Fish transferred to SW in both normocarbia and hypercarbia remained active and appeared in good health throughout the 10 day experiment, with the exception of the hypercarbic SW group where eight individuals (of the initial 54 fish in the group) became moribund between days 2 and 4.
Ion and water balance
In the normocarbic freshwater (NCFW) control, plasma osmolality and ion (Na+ and Cl−) levels, as well as white muscle water content, remained stable throughout the 10 day experiment [mean levels pooled from all time points were as follows: osmolality=252±1 mOsmol kg−1 (Fig. 1A); [Na+]=133±1 mmol l−1 (Fig. 1B); [Cl−]=120±1 mmol l−1 (Fig. 1C); and white muscle water content=79.4±0.2% water (Fig. 1D). Within 6 h of SW exposure, plasma osmolality, [Na+] and [Cl−] in the normocarbic seawater (NCSW) sturgeon were significantly increased relative to NCFW levels and peaked at 24 h. However, after 4 days, plasma osmolality, [Na+] and [Cl−] had recovered to an approximate steady state and were no longer significantly different from NCFW levels. Changes in white muscle water content in NCSW sturgeon were consistent with changes in plasma ions, with maximal dehydration at 48 h, but values were also no longer significantly different after 4 days.
In hypercarbic seawater (HCSW), the time course of changes in plasma osmolality, [Na+] and [Cl−], as well as changes in white muscle water content, were similar to those observed in NCSW but were greater in magnitude and took longer to recover (Fig. 1). By 24 h after exposure to SW, when the magnitude of changes was greatest, HCSW plasma osmolality and [Na+] had increased by 30% and 35% over NCFW, respectively, before recovering by day 10. These changes were approximately 2-fold greater than the changes observed in NCSW. HCSW plasma [Cl−] exhibited a different pattern of change in that it did not increase above NCSW levels in the first 4 days, but significantly decreased between days 4 and 10. HCSW white muscle was maximally dehydrated (significantly below NCSW) at day 4, before recovering by day 7.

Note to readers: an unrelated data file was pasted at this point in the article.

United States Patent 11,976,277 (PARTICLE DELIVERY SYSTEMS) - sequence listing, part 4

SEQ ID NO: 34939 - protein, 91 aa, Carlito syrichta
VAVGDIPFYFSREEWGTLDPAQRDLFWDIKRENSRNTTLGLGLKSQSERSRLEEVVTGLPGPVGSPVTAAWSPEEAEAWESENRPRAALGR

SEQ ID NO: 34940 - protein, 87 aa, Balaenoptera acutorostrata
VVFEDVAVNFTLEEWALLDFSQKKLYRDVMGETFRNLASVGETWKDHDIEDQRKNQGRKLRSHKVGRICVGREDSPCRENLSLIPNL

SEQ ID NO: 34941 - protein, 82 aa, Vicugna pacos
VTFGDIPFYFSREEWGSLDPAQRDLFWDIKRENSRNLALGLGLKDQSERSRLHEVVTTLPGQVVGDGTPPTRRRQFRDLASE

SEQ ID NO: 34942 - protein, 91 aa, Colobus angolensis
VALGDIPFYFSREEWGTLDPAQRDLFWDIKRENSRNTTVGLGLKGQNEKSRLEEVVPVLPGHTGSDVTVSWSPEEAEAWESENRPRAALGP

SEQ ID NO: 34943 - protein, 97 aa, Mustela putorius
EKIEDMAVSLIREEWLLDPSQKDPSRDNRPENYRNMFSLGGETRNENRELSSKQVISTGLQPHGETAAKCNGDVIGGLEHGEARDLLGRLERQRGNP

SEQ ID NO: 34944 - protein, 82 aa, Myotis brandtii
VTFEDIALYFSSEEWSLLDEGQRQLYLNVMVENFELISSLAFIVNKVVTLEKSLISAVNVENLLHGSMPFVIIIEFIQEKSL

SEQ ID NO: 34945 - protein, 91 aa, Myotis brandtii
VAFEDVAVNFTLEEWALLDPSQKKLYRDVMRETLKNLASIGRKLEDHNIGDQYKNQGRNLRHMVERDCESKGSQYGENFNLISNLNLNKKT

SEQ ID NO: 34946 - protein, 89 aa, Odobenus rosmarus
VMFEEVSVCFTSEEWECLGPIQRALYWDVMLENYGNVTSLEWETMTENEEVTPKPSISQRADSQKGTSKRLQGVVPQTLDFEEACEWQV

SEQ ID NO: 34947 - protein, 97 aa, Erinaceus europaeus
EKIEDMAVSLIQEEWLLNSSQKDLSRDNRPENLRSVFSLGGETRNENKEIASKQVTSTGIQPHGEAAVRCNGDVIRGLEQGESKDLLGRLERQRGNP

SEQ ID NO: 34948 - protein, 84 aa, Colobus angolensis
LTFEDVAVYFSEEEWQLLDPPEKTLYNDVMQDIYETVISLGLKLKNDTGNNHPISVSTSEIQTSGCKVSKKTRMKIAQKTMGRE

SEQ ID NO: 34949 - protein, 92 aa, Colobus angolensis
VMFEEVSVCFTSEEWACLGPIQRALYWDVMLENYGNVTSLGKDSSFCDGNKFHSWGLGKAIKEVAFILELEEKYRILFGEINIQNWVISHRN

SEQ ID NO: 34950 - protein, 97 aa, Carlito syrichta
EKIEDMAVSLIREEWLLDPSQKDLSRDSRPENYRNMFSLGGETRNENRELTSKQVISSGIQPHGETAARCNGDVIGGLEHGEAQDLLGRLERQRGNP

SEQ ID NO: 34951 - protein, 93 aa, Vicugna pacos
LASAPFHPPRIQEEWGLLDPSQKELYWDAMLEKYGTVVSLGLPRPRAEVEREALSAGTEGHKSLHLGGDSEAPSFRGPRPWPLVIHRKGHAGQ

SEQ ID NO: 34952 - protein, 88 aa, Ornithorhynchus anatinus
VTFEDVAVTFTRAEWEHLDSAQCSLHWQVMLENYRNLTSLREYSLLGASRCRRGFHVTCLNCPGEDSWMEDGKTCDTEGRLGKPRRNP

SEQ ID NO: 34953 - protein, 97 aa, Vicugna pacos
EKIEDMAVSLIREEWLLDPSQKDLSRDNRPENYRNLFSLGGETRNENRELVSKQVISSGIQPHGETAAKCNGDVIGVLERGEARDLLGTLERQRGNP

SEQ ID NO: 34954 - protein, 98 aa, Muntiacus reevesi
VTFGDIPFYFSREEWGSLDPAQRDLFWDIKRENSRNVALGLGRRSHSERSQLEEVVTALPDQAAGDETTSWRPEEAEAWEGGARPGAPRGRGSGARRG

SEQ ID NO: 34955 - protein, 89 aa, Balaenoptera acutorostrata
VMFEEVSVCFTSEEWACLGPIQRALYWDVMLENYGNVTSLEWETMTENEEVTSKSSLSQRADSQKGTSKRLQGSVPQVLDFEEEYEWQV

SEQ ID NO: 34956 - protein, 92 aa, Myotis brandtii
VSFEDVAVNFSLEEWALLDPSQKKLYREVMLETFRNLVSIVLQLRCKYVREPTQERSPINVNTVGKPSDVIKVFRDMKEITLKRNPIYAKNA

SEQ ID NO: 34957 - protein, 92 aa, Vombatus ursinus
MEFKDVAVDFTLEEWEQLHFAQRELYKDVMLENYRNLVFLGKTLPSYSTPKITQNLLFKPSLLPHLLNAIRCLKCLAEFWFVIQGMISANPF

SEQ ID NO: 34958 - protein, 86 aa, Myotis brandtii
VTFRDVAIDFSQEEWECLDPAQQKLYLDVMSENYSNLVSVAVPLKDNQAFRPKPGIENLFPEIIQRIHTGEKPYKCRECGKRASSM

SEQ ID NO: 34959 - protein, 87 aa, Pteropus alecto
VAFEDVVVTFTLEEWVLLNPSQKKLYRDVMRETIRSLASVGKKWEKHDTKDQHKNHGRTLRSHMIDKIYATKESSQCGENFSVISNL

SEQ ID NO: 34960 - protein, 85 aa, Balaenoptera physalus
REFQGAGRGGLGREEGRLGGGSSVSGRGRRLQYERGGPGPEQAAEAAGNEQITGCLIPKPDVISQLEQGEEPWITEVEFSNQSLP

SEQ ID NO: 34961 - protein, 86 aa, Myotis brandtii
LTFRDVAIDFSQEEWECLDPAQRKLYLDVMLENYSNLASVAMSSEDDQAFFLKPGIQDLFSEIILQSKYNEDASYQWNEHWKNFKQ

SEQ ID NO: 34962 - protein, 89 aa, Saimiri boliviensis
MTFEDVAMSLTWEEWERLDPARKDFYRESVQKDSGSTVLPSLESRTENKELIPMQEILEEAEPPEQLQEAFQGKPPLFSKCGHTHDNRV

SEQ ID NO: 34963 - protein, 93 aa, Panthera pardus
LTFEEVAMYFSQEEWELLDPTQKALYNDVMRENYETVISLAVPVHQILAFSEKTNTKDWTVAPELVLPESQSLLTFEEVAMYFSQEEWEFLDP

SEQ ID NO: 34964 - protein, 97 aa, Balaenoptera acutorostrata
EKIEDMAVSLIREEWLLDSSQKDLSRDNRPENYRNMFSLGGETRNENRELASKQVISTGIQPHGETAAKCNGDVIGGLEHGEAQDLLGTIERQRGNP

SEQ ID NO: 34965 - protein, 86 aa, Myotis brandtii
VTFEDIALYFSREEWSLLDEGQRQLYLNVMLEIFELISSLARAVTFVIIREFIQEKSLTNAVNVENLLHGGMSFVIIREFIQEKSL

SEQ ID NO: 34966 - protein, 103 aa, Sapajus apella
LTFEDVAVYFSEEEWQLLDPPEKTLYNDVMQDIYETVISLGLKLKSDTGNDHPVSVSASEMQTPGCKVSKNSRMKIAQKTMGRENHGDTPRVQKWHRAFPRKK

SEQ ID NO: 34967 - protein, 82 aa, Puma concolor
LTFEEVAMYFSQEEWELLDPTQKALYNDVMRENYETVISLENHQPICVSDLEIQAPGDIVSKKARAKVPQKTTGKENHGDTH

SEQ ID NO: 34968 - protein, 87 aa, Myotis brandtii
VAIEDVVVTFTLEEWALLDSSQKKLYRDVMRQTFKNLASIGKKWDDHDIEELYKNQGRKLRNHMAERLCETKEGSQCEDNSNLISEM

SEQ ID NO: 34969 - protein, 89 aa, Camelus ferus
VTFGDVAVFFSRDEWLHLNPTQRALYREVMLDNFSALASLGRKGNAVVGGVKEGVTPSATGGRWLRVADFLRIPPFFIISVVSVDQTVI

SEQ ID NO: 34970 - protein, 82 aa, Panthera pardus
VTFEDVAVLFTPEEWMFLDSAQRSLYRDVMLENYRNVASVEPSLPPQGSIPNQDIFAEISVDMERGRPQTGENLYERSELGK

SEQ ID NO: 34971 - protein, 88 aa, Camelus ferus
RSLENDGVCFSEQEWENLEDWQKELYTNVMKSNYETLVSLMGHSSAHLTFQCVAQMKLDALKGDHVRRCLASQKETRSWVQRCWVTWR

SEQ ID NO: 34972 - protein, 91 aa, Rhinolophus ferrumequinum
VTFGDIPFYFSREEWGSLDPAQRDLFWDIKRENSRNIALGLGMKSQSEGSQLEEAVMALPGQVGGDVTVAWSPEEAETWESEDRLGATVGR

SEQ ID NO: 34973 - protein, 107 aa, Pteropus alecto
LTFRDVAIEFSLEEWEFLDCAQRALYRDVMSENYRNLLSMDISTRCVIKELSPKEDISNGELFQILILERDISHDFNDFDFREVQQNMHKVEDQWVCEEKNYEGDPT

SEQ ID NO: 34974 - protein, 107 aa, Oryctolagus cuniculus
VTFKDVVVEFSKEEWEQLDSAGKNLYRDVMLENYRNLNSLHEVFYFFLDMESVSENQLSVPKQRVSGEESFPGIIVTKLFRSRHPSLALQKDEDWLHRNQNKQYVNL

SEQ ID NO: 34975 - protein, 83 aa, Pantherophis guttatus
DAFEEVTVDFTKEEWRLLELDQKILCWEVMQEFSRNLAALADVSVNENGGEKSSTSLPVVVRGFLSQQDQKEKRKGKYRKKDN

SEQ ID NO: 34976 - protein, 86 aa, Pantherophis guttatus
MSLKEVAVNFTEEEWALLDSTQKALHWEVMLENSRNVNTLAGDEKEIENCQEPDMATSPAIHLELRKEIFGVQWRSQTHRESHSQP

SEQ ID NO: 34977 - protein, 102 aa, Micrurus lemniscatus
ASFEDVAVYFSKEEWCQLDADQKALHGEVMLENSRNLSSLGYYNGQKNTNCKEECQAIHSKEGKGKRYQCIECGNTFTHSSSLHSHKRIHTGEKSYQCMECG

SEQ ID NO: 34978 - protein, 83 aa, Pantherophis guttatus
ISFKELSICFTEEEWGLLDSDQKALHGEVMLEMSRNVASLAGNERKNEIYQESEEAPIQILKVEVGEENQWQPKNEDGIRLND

Acid–base balance and hematology
NCFW pHe remained stable at pH 7.62±0.01 (pooled value) (Fig. 2A). NCSW pHe exhibited a transient but significant acidosis after transfer to SW, returning to NCFW values by day 4. This transient acidosis corresponded with a slight increase in plasma [HCO3−] (Fig. 2B), but was not accompanied by any significant changes in blood oxygen carrying capacity as hematocrit (Hct), hemoglobin concentration ([Hb]) and mean corpuscular hemoglobin concentration (MCHC) (Table 1) remained relatively stable in all normocapnic sturgeon over the 10 day experiment. NCSW pHi (Fig. 2C) was not different from NCFW at any sampling period despite the transient changes in pHe.
After a 24 h hypercarbia exposure (i.e. on day=0 of SW exposure; see explanation in Materials and Methods section), HCSW sturgeon exhibited a significant extracellular acidosis. By day 1 of SW exposure, some compensation of pHe had occurred and was associated with increasing plasma [HCO3−]; however, HCSW pHe still remained significantly depressed compared with NCFW pHe. Between 1 and 7 days after SW exposure, HCSW pHe remained steady and significantly depressed compared with control values. By day 10, pHe in HCSW had recovered to NCFW and NCSW values. HCSW white muscle pHi did not change over the 10 day experiment despite the significant acidosis.
HCSW sturgeon did exhibit elevated Hct at day 0. However, this was in the absence of changes in blood [Hb], which resulted in significantly lower calculated values of MCHC. These changes were transient, and by day 10 there were no differences in Hct, [Hb] or MCHC values between experimental groups.
Gill protein activity and immunoblotting
Gill NKA activity was lowest in the NCFW control (compared with NCSW and HCSW) at every sampling period throughout the 10 day experiment (Fig. 3A). NCSW NKA activity increased 4-fold during the first 7 days, significantly above NCFW levels. HCSW NKA activity increased 6-fold during the first 7 days, significantly above NCFW but not NCSW levels.
Gill NKCC (225 kDa) abundance on day 4 was significantly greater (by over 2-fold) in the SW groups compared with the NCFW control, but NKCC abundance was not different between NCSW and HCSW sturgeon (Fig. 3B,C). Although only a slight increase in gill NKA α-subunit (110 kDa) abundance was observed in NCSW by day 4, there was a significant increase in NKA α-subunit abundance in HCSW compared with NCFW and NCSW (Fig. 3B,D). NKA α-subunit abundance in HCSW was nearly 3-fold that in NCFW, and 2-fold that in NCSW.